Lesley Chapman, OFLA Executive Vice President
French Teacher, Sycamore High School
When Ohio adopted the Seal of Biliteracy in late fall, 2017, it joined the ranks of a total of 32 states recognizing students who achieve a high level of proficiency in listening, reading, writing, and speaking in two languages. This means that the class of 2018 is the first graduating class from Ohio that can add this honor to their high school transcripts.
At my high school, Sycamore High School in Cincinnati, we decided to take the plunge, and in April we tested our juniors and senior advanced World Language students for the Seal. There are multiple tests you can give to prove proficiency, and our school chose the STAMP4s test. We tested in French, Spanish, and Chinese. Our Latin teacher tested his students using ALIRA.
Students were excited for this opportunity, and parents were on board. We found that our juniors were most interested in achieving the Seal of Biliteracy, as it would be something to add to their college applications in the fall. While we also test our Seniors in AP, they decided to try the STAMP test as well, as a way to double their chances of achieving the Seal.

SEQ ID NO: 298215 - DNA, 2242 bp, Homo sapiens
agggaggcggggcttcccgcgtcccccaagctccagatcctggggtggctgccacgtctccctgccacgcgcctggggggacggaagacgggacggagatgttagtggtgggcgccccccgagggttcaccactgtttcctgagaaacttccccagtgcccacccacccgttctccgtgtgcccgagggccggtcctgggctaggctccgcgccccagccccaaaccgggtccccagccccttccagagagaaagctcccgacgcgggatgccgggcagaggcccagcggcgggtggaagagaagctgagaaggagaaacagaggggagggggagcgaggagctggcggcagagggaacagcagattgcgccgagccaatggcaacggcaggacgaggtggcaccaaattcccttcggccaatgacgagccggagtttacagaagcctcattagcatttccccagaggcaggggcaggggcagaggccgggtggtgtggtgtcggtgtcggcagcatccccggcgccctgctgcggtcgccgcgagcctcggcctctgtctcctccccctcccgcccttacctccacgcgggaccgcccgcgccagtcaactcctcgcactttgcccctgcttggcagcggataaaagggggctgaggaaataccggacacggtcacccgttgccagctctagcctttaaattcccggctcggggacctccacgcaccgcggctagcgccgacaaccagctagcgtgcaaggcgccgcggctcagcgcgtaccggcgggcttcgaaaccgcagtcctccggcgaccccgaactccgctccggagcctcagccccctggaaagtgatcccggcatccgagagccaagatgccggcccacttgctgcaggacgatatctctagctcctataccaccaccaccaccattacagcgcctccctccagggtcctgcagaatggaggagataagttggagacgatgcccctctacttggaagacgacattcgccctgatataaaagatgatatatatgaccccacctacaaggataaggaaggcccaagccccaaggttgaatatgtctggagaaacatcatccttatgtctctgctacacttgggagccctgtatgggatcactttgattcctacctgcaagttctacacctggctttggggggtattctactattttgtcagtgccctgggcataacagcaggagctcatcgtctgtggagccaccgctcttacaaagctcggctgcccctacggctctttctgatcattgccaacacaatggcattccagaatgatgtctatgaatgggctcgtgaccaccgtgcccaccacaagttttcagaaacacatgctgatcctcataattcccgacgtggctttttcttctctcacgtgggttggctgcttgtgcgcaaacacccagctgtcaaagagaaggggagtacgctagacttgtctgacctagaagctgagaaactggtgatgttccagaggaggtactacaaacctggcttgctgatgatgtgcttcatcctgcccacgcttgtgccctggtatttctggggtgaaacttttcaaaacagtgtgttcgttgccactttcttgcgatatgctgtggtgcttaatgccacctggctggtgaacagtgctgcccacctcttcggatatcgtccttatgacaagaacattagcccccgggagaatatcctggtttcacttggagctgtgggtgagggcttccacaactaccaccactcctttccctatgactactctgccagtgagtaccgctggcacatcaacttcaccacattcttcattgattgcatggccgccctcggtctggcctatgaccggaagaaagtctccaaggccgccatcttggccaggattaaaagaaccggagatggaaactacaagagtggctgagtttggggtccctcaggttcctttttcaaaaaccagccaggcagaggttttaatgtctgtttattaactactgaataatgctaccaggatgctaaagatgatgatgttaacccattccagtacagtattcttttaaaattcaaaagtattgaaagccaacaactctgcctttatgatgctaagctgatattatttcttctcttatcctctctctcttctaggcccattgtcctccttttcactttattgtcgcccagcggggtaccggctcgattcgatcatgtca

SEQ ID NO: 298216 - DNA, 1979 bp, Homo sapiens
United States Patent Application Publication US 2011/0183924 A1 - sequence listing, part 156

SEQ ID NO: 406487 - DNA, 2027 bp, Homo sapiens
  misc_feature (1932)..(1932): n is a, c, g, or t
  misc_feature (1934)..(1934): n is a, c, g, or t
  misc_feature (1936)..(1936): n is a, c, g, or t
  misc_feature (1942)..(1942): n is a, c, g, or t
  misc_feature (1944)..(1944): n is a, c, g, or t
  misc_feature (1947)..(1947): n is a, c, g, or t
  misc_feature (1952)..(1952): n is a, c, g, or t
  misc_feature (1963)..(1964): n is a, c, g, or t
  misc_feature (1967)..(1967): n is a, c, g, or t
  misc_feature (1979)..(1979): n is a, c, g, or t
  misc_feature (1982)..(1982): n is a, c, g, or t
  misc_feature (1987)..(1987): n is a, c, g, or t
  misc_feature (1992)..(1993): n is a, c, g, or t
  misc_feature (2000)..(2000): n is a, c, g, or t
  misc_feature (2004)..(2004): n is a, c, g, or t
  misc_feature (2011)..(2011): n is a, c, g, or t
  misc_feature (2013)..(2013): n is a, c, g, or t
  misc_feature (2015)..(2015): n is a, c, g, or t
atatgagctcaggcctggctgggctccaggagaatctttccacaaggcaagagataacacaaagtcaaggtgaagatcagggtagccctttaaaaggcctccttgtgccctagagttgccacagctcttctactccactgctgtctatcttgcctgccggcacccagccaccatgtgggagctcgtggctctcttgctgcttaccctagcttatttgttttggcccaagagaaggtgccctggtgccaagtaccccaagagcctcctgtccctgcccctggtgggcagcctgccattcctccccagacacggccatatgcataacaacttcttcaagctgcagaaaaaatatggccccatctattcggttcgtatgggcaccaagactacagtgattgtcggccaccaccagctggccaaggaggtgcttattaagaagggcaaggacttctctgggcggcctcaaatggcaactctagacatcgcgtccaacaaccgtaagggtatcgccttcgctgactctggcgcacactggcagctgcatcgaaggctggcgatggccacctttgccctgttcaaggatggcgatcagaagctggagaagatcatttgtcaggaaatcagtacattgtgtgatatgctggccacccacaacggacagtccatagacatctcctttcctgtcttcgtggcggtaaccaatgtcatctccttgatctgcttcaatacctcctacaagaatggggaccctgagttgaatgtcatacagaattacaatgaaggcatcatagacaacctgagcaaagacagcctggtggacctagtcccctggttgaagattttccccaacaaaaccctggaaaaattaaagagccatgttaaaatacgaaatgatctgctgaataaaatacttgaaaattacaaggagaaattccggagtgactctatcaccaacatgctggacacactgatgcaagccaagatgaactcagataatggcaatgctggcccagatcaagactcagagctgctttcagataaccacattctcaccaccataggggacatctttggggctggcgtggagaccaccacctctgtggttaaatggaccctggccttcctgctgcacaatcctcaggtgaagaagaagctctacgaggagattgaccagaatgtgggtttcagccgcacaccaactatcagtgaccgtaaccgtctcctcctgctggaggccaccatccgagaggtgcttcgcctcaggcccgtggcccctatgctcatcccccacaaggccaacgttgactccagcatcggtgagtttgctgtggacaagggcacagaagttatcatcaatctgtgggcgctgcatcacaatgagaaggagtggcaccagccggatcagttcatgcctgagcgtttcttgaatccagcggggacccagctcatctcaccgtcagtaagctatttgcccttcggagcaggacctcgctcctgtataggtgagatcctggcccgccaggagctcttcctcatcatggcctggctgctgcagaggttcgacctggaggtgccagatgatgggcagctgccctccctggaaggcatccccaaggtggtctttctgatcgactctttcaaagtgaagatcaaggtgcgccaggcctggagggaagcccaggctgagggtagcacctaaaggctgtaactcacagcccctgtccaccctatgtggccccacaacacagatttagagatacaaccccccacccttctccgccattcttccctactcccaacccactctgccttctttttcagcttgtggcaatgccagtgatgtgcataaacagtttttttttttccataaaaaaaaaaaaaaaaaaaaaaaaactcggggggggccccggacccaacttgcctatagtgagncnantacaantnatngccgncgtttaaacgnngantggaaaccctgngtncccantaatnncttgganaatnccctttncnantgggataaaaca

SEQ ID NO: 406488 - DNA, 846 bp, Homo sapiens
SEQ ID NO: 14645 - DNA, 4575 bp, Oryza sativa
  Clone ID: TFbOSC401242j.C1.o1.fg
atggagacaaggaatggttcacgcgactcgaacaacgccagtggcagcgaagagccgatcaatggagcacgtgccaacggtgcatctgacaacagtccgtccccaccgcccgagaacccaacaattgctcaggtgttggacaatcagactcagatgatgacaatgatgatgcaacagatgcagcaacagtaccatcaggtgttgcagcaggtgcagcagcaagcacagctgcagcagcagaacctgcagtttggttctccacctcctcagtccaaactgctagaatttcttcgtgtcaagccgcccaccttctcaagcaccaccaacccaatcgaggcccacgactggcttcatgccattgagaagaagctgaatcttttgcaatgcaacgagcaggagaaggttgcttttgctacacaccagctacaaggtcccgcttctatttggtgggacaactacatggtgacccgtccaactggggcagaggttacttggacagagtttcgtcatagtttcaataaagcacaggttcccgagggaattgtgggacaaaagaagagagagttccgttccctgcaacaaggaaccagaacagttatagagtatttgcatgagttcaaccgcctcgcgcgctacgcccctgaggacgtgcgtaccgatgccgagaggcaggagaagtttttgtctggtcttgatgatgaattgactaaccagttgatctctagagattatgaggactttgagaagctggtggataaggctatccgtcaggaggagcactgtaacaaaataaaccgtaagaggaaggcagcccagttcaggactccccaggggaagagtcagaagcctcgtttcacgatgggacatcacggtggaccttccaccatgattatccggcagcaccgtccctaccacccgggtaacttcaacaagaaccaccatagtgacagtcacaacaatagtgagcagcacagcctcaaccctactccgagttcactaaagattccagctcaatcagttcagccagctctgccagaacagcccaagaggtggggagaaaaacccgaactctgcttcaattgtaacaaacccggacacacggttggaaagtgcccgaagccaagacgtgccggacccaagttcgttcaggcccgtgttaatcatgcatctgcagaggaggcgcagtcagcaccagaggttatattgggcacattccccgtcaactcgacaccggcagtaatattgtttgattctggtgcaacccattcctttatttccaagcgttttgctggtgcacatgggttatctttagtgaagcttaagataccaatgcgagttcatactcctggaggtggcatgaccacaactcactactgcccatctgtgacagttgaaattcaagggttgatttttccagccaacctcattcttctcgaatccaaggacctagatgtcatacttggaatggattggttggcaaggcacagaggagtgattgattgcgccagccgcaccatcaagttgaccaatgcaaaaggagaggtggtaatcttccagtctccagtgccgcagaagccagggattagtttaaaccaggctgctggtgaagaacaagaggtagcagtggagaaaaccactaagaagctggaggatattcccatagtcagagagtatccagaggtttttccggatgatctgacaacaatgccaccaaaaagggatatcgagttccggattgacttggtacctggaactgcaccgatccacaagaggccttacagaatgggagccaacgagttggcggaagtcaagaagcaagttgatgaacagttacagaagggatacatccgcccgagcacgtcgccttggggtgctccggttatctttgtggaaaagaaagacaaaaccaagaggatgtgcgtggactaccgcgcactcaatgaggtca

The STAMP test was difficult, there is no doubt. The test is adjusted for each student’s level, so the better a student does, the harder the test gets. Some of our native speakers didn’t attain an Intermediate High score in speaking, which was a surprise. We were sure to explain to them that they have to be 100% “on” during the speaking, using their best language possible. It was a good experience this first year, and we learned a lot of pointers for future years.
In the end, of my 40 French V and AP students who tested, 50% of them achieved qualified for the Seal of Biliteracy via the STAMP test. While the STAMP test was a great tool for assessing proficiency, we would be interested in trying out the AAPPL test next school year for a comparison.
We are most excited at the level of enthusiasm surrounding the Seal of Biliteracy at our school. Students were engaged during the testing, knowing that something very concrete would come of a good score. It will be interesting to see how the Seal of Biliteracy will help to promote student retention in our World Language programs.
If you didn’t take part in the Seal of Biliteracy this year, I highly suggest you make plans for next year. Be sure to check out the ODE Seal of Biliteracy page for any questions you may have. If you have questions and would like to ask me about my personal experience, please don’t hesitate to contact me at: firstname.lastname@example.org.